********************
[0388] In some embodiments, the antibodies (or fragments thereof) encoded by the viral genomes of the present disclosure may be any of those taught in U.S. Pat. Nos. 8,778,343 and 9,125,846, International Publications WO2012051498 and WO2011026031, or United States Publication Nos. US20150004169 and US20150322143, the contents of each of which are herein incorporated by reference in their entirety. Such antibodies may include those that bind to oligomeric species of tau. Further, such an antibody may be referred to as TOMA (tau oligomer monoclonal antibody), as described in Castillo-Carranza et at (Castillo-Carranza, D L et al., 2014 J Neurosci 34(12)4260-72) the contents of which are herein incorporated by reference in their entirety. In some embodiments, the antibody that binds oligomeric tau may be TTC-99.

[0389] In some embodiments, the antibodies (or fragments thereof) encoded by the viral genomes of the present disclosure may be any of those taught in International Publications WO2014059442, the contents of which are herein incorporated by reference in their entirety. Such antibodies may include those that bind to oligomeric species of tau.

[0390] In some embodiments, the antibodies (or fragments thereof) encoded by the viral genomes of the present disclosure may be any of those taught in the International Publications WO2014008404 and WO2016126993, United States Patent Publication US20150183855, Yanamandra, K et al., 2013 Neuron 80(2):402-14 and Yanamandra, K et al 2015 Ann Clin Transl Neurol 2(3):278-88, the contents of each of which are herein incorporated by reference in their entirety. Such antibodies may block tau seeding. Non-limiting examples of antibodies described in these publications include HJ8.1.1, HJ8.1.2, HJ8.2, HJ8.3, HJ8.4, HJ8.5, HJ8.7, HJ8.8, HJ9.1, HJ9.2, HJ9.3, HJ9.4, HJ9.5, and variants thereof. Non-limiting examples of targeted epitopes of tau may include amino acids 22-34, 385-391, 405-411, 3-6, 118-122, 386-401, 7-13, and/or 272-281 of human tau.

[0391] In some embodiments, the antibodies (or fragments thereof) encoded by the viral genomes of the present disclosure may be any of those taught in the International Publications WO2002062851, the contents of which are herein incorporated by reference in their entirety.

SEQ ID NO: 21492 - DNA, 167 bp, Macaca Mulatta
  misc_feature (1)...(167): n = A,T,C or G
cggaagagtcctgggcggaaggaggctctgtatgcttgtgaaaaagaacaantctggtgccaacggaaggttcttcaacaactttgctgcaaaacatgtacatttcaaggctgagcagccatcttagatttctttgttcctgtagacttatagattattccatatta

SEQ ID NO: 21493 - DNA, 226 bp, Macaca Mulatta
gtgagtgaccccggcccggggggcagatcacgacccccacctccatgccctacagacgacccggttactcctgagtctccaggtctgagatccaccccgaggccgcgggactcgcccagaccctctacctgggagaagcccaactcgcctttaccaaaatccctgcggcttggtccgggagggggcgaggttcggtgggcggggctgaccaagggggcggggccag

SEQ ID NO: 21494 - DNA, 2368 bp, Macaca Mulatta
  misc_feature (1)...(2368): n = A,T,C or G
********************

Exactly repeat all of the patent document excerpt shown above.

[0388] In some embodiments, the antibodies (or fragments thereof) encoded by the viral genomes of the present disclosure may be any of those taught in U.S. Pat. Nos. 8,778,343 and 9,125,846, International Publications WO2012051498 and WO2011026031, or United States Publication Nos. US20150004169 and US20150322143, the contents of each of which are herein incorporated by reference in their entirety. Such antibodies may include those that bind to oligomeric species of tau. Further, such an antibody may be referred to as TOMA (tau oligomer monoclonal antibody), as described in Castillo-Carranza et at (Castillo-Carranza, D L et al., 2014 J Neurosci 34(12)4260-72) the contents of which are herein incorporated by reference in their entirety. In some embodiments, the antibody that binds oligomeric tau may be TTC-99.

[0389] In some embodiments, the antibodies (or fragments thereof) encoded by the viral genomes of the present disclosure may be any of those taught in International Publications WO2014059442, the contents of which are herein incorporated by reference in their entirety. Such antibodies may include those that bind to oligomeric species of tau.

[0390] In some embodiments, the antibodies (or fragments thereof) encoded by the viral genomes of the present disclosure may be any of those taught in the International Publications WO2014008404 and WO2016126993, United States Patent Publication US20150183855, Yanamandra, K et al., 2013 Neuron 80(2):402-14 and Yanamandra, K et al 2015 Ann Clin Transl Neurol 2(3):278-88, the contents of each of which are herein incorporated by reference in their entirety. Such antibodies may block tau seeding. Non-limiting examples of antibodies described in these publications include HJ8.1.1, HJ8.1.2, HJ8.2, HJ8.3, HJ8.4, HJ8.5, HJ8.7, HJ8.8, HJ9.1, HJ9.2, HJ9.3, HJ9.4, HJ9.5, and variants thereof. Non-limiting examples of targeted epitopes of tau may include amino acids 22-34, 385-391, 405-411, 3-6, 118-122, 386-401, 7-13, and/or 272-281 of human tau.

[0391] In some embodiments, the antibodies (or fragments thereof) encoded by the viral genomes of the present disclosure may be any of those taught in the International Publications WO2002062851, the contents of which are herein incorporated by reference in their entirety.

SEQ ID NO: 21492 - DNA, 167 bp, Macaca Mulatta
  misc_feature (1)...(167): n = A,T,C or G
cggaagagtcctgggcggaaggaggctctgtatgcttgtgaaaaagaacaantctggtgccaacggaaggttcttcaacaactttgctgcaaaacatgtacatttcaaggctgagcagccatcttagatttctttgttcctgtagacttatagattattccatatta

SEQ ID NO: 21493 - DNA, 226 bp, Macaca Mulatta
gtgagtgaccccggcccggggggcagatcacgacccccacctccatgccctacagacgacccggttactcctgagtctccaggtctgagatccaccccgaggccgcgggactcgcccagaccctctacctgggagaagcccaactcgcctttaccaaaatccctgcggcttggtccgggagggggcgaggttcggtgggcggggctgaccaagggggcggggccag

SEQ ID NO: 21494 - DNA, 2368 bp, Macaca Mulatta
  misc_feature (1)...(2368): n = A,T,C or G